Physician David Dao fled from the violence of the Vietnam War in a boat when Saigon fell in 1975.
But the traumatic experience paled next to the concussion, lost teeth and broken nose the Kentuckian suffered when Chicago security officers dragged him off a full United Airlines flight Sunday, he told his attorneys.
"What happened to him should never happen to any human being," Dao's daughter, Crystal Dao Pepper of Barrington, said at a Thursday news event. Speaking out for the first time, she said her family is "horrified and shocked" at what happened to a man she called "a wonderful father" and "a loving grandfather."
United Airlines and the Chicago Aviation Department are in the crosshairs of public outrage after Dao's treatment touched a nerve in the American psyche.
Dao and his wife were passing through O'Hare as they traveled between a California vacation and their Elizabethtown, Kentucky, home, said his daughter, a 33-year-old mother and one of five children of the Daos. Dao was seated on Flight 3411 to Louisville and was yanked off when he refused to give up his seat to accommodate a Republic Airways crew. Flight 3411 was operated by Republic, a United partner.
"For too long airlines and United Airlines in particular have bullied us," attorney Thomas A. Demetrio said, adding he wants his client to be the poster child" for flyers tired of "being treated like cattle."
"Dr. Dao understands he's the guy standing up for passengers going forward."
Dao was released from the hospital Wednesday but will require reconstructive surgery, Demetrio said.
United officials on Thursday apologized, noting they had tried to reach Dao numerous times.
"This horrible situation has provided a harsh learning experience from which we will take immediate, concrete action," a statement said.
The action includes refraining from involving law enforcement in removing passengers unless for safety or security reasons, reviewing employee training, and scrutinizing overbooking policies.
The Chicago Department of Aviation put three security officers who hauled Dao away on leave.
Demetrio, in a prelude to a lawsuit he said he and attorney Stephen L. Golan will file, referred to the three officers as "storm troopers" and said both the city and United were at fault.
"He's a 69-year-old man. Is that really the way we want to treat the aged?" Demetrio asked.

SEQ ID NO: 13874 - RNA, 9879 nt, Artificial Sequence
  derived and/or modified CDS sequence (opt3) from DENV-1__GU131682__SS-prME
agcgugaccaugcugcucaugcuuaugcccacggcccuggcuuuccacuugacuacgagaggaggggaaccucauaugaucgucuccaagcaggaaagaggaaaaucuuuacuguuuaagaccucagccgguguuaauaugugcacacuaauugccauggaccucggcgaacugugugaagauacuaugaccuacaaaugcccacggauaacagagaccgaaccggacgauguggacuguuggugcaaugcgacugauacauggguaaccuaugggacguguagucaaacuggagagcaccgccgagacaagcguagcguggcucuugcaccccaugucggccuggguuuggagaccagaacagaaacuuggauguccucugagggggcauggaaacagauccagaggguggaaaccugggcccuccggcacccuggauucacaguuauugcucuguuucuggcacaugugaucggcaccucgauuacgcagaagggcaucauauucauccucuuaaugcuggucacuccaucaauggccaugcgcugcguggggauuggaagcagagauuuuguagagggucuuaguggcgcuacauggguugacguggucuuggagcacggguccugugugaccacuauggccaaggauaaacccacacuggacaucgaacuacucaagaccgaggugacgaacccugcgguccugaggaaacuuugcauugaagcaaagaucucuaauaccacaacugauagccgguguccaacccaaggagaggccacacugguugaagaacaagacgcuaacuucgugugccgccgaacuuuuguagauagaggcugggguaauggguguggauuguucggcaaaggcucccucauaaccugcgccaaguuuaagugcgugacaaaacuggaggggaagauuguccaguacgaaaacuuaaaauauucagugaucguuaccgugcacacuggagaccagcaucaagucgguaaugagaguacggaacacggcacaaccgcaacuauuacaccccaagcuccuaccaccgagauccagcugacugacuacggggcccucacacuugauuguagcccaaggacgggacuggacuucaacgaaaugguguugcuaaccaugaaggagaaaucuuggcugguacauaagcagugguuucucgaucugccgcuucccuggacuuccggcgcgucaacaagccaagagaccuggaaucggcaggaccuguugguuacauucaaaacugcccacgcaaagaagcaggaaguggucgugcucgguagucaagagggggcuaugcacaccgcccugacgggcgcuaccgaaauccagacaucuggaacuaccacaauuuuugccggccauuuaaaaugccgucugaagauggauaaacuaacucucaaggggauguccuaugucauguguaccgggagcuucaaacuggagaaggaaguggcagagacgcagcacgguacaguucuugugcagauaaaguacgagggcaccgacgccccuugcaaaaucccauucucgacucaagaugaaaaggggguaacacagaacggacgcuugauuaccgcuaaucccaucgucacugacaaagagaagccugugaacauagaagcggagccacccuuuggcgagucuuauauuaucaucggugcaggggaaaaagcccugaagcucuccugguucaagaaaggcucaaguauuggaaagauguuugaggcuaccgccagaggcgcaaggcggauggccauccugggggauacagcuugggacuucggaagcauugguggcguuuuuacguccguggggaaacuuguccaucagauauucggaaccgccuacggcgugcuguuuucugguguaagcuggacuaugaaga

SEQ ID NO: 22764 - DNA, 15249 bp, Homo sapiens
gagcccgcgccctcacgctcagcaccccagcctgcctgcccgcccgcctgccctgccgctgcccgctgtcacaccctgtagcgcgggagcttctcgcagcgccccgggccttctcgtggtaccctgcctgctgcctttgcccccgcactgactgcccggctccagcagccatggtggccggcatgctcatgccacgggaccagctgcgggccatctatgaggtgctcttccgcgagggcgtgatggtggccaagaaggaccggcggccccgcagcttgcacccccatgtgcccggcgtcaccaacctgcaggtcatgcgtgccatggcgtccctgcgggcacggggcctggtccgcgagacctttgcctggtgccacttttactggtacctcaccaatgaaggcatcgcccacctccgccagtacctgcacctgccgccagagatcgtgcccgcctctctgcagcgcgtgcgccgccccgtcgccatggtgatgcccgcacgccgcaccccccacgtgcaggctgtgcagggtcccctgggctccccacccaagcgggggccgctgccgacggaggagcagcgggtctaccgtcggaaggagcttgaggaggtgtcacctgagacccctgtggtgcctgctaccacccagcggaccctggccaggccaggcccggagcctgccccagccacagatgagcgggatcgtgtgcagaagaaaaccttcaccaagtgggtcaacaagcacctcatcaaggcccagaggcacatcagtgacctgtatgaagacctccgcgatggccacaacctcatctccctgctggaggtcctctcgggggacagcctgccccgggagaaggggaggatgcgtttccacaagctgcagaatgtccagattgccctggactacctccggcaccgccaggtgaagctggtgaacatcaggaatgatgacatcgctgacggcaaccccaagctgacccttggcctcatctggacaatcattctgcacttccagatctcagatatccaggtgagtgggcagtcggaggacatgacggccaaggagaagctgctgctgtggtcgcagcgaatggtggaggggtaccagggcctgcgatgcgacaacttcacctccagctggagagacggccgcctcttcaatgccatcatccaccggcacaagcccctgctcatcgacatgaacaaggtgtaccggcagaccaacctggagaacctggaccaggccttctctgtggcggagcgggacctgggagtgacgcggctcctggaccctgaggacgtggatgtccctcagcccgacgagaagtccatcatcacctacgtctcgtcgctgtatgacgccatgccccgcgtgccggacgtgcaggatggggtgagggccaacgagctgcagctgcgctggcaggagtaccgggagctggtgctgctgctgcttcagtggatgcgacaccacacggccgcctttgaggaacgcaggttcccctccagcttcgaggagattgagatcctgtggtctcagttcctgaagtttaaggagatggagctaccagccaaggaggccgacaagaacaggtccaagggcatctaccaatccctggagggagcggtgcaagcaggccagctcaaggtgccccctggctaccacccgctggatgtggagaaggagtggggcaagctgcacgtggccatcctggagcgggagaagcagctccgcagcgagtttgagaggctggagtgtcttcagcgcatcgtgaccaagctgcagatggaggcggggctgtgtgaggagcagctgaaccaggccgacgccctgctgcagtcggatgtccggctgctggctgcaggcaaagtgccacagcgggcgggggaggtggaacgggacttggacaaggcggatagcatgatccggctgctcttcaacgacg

Dao Pepper acknowledged the turmoil felt by her family. "Our lives have been interrupted and our normalcy is not what it was on Sunday morning." She thanked the hospital staff that treated her father and the public "for the huge outpouring of prayers, love and concern we've received from all over the world."
The event sent United into damage control mode after CEO Oscar Munoz initially told employees they had acted appropriately and followed standard procedures. He quickly shifted amid threats of congressional action and public outcries, taking full responsibility for the debacle and calling it "a horrific event."
Video taken by other passengers shows three officers converging on Dao, yanking him out of his seat and dragging him down the aisle. His face is bleeding with bruises or cuts.
The scuffle caught on video sparked international outrage over the erosion of flyers' rights.
Suburban Democratic U.S. Reps. Jan Schakowsky of Evanston and Daniel Lipinski of Western Springs are considering legislation to prevent forcible evictions from airplanes in cases when flights are oversold.
Demetrio called a report from Chicago authorities that Dao had posed a security risk "ridiculous." Dao reboarded the plane and is shown on video with a bloodied face.
"He has zippo memory of going back on the airplane," the attorney said.
Demetrio blamed the flight crew for not intervening.
"The airplane is under the control of the pilot. He's the captain of the ship," he said.
Republic Airways has not commented.
No lawsuit has been filed yet but Demetrio gave a hint of future strategy, saying, "If you eject a passenger, under no circumstances can it be done with unreasonable force or violence."